The University of Missouri at Kansas City gave the Princeton Review false information designed to inflate the rankings of its business school, which was under pressure from its major donor to keep the ratings up, according to an outside audit released Friday.
The audit -- by PricewaterhouseCoopers -- described the process by which business school officials came up with creative reasons to provide data that many at the school believed to be false, and that the audit found to be false. In one case, for example, the university created a wish list of clubs that it might support to promote entrepreneurial students. The university then reported that its wish list was reality and that it had all of those clubs, which in fact did not exist.
Another part of the audit found that an article published in The Journal of Product Innovation Management -- an article that ranked the university's business school as the top institution in the world in the field of innovation management -- did not violate professional norms. However, the audit also found that the journal was unaware when accepting the article that it was written by scholars with ties to the university.
UMKC issued a news release Friday that reads: "Independent review upholds No. 1 research ranking."
But the audit also confirmed many of the findings of an August article in The Kansas City Star that found "a pattern of exaggerations and misstatements" by the business school. At the time, the university disputed the Star's report, but Missouri governor Jay Nixon requested an investigation, and that request led to the report issued Friday.
'By All Means Necessary'
PricewaterhouseCoopers officials had access to senior UMKC officials (including some who left positions they had held in the period covered by the audit) and to relevant e-mail messages. The e-mail revealed a focus on finding ways to do well in the rankings in order to keep happy the business school's largest donor (of $32 million), for whom the school, the Henry W. Bloch School of Management, is named.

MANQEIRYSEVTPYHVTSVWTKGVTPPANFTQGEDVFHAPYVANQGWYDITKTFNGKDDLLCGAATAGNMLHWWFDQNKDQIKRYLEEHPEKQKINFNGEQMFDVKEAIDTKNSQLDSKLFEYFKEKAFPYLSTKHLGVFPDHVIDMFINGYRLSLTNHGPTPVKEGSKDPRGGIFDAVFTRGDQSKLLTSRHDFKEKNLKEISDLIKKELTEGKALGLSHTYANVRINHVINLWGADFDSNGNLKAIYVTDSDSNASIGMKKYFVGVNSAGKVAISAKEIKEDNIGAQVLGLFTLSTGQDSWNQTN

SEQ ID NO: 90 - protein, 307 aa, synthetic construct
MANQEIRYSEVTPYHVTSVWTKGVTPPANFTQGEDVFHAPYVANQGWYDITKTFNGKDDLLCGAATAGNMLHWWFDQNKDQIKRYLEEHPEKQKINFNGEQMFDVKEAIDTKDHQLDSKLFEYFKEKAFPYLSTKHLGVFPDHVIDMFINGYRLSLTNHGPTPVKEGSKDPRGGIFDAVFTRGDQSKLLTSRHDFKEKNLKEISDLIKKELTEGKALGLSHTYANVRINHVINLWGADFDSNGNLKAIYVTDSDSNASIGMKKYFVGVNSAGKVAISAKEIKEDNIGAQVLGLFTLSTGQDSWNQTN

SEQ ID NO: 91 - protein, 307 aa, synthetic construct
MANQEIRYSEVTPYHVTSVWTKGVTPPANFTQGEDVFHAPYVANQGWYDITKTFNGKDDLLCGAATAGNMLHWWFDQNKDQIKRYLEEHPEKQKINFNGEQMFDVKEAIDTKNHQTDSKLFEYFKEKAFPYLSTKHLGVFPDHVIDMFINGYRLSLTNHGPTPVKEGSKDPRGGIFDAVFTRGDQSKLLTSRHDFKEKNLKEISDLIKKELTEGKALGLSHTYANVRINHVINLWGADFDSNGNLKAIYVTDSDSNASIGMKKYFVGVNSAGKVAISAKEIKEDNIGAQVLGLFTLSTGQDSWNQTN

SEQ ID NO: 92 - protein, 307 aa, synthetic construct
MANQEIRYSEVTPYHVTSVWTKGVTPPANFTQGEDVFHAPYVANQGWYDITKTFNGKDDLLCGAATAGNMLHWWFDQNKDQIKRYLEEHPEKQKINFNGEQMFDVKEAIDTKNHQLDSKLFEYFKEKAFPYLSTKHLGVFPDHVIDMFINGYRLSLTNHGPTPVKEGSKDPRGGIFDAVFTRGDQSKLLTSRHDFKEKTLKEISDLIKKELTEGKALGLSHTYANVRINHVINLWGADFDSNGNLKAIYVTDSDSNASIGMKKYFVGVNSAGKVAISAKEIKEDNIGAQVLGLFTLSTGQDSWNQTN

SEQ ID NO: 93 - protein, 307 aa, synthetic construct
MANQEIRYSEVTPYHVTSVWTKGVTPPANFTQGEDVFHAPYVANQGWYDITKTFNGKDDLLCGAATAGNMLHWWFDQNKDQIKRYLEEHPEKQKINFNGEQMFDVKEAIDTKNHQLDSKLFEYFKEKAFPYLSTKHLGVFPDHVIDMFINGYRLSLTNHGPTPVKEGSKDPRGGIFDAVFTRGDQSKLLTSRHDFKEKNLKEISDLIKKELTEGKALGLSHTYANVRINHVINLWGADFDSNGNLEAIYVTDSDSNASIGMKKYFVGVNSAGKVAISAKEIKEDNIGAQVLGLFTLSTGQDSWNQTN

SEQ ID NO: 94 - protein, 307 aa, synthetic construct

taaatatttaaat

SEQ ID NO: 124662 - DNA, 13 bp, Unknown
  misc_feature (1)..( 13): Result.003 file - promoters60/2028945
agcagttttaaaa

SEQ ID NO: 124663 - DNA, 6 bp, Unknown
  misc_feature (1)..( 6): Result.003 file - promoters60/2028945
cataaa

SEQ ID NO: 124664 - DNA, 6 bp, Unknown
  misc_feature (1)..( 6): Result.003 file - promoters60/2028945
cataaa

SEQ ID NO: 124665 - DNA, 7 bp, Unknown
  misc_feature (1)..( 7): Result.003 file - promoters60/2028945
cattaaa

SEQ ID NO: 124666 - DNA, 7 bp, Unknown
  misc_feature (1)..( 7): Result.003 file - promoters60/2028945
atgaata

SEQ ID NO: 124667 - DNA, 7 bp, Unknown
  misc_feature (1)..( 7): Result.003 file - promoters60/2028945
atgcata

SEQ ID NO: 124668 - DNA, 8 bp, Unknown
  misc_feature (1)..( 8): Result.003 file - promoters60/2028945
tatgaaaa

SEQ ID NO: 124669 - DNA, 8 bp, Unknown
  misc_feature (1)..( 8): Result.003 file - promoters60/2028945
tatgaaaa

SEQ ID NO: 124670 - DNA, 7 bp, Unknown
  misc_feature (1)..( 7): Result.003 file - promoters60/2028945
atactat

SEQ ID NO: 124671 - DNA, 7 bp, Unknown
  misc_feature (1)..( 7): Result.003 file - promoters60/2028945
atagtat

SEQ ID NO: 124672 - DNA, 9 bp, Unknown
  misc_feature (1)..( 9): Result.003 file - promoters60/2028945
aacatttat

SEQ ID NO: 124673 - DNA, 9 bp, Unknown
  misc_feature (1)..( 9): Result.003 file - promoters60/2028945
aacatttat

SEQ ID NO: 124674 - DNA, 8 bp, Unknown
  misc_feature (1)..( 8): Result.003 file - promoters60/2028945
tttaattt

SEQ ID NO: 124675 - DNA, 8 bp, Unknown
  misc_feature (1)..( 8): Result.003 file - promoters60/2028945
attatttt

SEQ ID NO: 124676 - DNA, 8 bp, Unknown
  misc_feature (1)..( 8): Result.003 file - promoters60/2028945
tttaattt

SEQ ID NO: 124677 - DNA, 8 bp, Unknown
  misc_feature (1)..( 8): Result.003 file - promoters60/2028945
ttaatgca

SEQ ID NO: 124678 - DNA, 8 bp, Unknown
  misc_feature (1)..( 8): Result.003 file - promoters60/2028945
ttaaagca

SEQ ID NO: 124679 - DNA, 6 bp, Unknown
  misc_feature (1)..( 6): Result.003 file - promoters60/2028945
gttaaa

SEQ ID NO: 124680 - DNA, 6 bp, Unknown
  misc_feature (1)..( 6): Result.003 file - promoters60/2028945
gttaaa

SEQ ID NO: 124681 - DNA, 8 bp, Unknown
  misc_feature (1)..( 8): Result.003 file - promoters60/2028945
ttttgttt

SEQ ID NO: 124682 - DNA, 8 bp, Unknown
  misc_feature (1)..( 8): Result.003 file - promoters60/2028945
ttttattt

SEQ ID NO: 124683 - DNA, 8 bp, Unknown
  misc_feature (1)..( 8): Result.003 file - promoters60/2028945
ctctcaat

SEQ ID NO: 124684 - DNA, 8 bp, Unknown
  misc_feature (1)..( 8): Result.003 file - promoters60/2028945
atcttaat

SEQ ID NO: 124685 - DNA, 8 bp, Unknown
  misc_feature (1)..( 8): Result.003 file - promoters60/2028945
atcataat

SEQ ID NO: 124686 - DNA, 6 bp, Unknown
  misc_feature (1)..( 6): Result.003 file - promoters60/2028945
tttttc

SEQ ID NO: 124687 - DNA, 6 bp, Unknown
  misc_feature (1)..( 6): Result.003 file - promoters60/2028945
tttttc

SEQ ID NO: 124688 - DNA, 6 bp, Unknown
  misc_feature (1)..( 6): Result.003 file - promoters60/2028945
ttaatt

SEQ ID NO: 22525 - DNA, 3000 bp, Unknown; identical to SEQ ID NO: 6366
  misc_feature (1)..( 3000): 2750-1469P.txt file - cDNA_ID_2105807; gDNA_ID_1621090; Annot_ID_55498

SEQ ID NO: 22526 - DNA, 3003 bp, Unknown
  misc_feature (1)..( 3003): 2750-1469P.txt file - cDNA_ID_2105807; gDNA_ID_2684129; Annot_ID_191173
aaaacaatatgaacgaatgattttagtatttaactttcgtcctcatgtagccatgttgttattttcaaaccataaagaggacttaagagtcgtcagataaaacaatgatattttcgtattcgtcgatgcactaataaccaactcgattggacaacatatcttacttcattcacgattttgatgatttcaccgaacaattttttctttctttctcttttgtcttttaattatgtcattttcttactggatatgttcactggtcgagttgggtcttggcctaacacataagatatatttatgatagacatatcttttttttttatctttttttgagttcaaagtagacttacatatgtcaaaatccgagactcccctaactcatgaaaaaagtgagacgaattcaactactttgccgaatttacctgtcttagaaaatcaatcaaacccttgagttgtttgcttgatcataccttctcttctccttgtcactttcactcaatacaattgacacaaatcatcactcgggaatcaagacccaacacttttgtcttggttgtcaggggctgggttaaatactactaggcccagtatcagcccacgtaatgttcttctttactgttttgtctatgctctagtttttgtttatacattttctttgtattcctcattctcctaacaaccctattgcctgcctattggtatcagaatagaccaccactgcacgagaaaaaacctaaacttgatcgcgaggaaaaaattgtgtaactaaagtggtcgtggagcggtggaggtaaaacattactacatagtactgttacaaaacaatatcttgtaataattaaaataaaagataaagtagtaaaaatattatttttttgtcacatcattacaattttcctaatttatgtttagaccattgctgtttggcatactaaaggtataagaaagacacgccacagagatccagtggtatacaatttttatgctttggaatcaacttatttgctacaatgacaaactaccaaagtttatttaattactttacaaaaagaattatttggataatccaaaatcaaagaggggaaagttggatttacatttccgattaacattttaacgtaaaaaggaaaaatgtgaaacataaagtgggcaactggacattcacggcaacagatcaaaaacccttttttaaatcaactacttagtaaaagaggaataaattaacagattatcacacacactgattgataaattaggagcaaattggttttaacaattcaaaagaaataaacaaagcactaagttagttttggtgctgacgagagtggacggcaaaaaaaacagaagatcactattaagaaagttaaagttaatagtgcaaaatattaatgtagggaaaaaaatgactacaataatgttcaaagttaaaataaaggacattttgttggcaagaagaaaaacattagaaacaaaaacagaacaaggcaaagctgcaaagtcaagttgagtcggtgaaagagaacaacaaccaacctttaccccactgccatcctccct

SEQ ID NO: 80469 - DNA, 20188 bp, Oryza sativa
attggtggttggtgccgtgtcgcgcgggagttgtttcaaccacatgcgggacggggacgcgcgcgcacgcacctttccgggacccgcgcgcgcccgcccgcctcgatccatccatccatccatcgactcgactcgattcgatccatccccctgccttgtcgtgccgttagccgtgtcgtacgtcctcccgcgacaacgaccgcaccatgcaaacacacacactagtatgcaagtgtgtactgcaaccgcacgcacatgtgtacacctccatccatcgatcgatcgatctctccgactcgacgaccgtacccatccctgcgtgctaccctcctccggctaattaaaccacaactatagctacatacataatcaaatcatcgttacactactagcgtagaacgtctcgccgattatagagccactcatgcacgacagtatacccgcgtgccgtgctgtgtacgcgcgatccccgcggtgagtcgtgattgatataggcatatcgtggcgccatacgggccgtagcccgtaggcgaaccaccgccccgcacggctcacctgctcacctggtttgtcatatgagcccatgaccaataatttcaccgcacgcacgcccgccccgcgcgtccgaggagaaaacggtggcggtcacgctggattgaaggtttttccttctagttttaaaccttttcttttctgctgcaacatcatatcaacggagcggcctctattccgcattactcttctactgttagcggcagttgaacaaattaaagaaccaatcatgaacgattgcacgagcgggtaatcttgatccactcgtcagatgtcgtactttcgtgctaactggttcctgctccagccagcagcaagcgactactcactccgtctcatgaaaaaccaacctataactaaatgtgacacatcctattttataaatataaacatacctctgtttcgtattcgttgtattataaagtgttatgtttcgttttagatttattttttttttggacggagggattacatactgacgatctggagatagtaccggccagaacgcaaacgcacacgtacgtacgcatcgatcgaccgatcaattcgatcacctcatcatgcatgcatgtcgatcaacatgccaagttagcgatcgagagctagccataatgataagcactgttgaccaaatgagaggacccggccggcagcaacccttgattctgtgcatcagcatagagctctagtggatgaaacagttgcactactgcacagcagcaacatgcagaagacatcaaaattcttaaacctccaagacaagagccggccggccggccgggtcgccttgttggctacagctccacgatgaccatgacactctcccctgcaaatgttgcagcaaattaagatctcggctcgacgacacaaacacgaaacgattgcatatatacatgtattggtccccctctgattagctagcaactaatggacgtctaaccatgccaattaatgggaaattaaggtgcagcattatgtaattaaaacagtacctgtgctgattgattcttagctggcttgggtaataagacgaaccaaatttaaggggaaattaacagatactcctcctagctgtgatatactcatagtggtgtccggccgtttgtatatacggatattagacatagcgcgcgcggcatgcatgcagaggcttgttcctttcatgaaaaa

An e-mail from the then dean to colleagues said, for example: "Henry Bloch gets very upset when our rankings go down. We must do everything we can to increase it when we can by all means necessary.”
The audit then describes some of the things UMKC did to rank high in the Princeton Review's evaluation of business schools' (undergraduate and graduate) entrepreneurial programs.
For example, in answering a question about how many students are enrolled in an entrepreneurship program, the university started counting anyone who was taking a class in entrepreneurship. Not surprisingly, the numbers jumped. For example, UMKC reported that undergraduate enrollment in entrepreneurship programs increased in a year (the year in which the university changed how it was filling out the form) from 99 to 438. A dean told the auditors that he knew that figure "isn't right."